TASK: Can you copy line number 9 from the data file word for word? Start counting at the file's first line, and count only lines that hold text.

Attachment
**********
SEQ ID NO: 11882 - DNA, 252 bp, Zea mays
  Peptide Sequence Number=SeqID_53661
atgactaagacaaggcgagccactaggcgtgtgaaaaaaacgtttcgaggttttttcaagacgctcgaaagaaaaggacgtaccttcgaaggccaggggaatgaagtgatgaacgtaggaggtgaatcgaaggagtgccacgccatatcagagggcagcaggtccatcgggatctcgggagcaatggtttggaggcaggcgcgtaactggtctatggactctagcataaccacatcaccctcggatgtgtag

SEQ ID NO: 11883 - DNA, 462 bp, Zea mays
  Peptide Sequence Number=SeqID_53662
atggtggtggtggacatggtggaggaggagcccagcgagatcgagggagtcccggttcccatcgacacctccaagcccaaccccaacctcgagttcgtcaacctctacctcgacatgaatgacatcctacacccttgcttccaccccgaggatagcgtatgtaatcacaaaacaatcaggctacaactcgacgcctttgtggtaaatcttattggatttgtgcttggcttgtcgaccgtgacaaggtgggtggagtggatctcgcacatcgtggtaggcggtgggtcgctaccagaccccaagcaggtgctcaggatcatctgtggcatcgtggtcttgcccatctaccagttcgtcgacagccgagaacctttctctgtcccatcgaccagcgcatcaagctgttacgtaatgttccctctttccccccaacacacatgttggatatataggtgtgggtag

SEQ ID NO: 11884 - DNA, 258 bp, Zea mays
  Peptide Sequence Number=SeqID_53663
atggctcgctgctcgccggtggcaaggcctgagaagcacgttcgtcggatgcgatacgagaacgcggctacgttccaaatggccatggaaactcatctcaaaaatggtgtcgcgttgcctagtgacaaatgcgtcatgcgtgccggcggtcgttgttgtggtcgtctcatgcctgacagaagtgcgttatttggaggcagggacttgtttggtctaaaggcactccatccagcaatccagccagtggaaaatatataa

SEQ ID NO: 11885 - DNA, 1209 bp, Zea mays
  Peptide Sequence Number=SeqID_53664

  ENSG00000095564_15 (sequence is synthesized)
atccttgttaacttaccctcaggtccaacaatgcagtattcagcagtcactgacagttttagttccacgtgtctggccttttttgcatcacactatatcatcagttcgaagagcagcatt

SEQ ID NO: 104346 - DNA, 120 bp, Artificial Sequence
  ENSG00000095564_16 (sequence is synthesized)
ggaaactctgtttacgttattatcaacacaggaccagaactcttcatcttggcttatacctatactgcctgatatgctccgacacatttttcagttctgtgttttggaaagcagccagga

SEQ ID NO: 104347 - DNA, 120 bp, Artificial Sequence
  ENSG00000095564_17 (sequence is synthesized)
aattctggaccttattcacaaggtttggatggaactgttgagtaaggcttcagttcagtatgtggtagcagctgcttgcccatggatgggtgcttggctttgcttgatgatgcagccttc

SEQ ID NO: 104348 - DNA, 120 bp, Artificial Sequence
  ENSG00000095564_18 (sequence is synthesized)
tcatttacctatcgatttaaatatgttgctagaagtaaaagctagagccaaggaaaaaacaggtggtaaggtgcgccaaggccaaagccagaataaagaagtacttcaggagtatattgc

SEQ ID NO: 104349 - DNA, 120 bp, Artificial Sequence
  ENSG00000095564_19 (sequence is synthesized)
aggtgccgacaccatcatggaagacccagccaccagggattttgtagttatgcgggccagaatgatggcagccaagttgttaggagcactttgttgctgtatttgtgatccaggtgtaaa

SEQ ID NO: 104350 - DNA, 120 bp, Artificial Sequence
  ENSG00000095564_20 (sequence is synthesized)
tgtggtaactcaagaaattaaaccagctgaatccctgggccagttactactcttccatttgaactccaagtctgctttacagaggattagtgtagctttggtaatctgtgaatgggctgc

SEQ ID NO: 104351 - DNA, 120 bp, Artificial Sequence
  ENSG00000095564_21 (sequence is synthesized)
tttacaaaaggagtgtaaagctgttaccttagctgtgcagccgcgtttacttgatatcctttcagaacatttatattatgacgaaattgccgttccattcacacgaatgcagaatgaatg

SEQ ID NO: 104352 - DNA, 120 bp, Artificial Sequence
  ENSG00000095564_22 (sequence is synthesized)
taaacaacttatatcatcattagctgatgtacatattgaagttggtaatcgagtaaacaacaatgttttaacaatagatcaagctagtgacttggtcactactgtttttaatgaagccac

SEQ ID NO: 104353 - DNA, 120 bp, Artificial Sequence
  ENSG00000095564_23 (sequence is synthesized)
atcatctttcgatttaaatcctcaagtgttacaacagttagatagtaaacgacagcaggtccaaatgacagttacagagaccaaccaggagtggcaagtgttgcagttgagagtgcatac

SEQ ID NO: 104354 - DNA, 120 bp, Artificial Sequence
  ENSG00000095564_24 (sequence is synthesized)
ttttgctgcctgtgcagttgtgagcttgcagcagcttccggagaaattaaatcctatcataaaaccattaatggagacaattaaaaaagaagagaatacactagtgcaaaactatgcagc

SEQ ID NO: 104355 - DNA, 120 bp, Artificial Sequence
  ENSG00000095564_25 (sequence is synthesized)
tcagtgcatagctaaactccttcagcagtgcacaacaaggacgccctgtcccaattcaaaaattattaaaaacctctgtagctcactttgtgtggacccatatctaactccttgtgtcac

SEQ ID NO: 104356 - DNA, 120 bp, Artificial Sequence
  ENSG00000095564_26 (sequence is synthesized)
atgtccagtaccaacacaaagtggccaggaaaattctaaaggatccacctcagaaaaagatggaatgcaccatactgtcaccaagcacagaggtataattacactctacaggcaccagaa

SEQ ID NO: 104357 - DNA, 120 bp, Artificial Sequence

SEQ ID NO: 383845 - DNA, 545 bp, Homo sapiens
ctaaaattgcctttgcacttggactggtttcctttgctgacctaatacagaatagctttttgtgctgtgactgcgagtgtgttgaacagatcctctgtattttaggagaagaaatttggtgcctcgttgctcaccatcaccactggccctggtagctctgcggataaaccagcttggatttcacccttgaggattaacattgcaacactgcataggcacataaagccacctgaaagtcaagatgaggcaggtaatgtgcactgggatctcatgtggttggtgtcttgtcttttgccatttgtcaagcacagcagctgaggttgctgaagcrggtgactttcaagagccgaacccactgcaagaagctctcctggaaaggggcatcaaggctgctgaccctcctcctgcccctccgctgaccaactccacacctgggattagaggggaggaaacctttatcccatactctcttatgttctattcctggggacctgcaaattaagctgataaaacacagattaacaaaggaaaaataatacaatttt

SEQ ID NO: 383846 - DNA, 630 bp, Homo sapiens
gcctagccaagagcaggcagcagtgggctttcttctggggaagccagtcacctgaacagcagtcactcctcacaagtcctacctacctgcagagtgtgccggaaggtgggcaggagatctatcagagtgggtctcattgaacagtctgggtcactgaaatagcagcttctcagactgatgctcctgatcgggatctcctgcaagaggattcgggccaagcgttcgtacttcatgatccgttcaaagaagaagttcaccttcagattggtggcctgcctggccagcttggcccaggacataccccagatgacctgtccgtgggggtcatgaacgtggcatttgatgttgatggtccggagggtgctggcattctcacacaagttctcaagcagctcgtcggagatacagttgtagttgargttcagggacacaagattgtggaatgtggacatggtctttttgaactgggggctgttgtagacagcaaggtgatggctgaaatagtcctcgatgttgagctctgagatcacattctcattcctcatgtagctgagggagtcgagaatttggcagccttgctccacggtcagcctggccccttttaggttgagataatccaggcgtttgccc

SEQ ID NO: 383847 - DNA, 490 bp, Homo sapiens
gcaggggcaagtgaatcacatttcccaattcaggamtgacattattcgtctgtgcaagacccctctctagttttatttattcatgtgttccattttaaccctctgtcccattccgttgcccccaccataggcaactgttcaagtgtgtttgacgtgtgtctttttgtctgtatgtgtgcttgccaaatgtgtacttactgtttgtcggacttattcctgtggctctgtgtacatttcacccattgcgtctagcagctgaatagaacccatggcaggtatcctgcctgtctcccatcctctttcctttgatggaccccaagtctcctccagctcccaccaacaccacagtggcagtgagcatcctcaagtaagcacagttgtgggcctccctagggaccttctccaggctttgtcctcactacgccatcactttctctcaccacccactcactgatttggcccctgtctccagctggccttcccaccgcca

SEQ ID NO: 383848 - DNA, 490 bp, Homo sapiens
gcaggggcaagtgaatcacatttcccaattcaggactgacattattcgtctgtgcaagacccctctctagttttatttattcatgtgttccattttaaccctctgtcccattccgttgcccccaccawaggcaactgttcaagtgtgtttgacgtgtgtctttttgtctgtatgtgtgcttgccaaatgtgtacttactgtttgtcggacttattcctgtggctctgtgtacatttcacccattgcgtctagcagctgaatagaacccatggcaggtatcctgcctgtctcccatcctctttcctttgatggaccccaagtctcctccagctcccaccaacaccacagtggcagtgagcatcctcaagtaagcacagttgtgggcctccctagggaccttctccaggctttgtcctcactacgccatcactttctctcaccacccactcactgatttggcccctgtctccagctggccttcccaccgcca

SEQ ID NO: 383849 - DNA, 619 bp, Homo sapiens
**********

atggctcgctgctcgccggtggcaaggcctgagaagcacgttcgtcggatgcgatacgagaacgcggctacgttccaaatggccatggaaactcatctcaaaaatggtgtcgcgttgcctagtgacaaatgcgtcatgcgtgccggcggtcgttgttgtggtcgtctcatgcctgacagaagtgcgttatttggaggcagggacttgtttggtctaaaggcactccatccagcaatccagccagtggaaaatatataa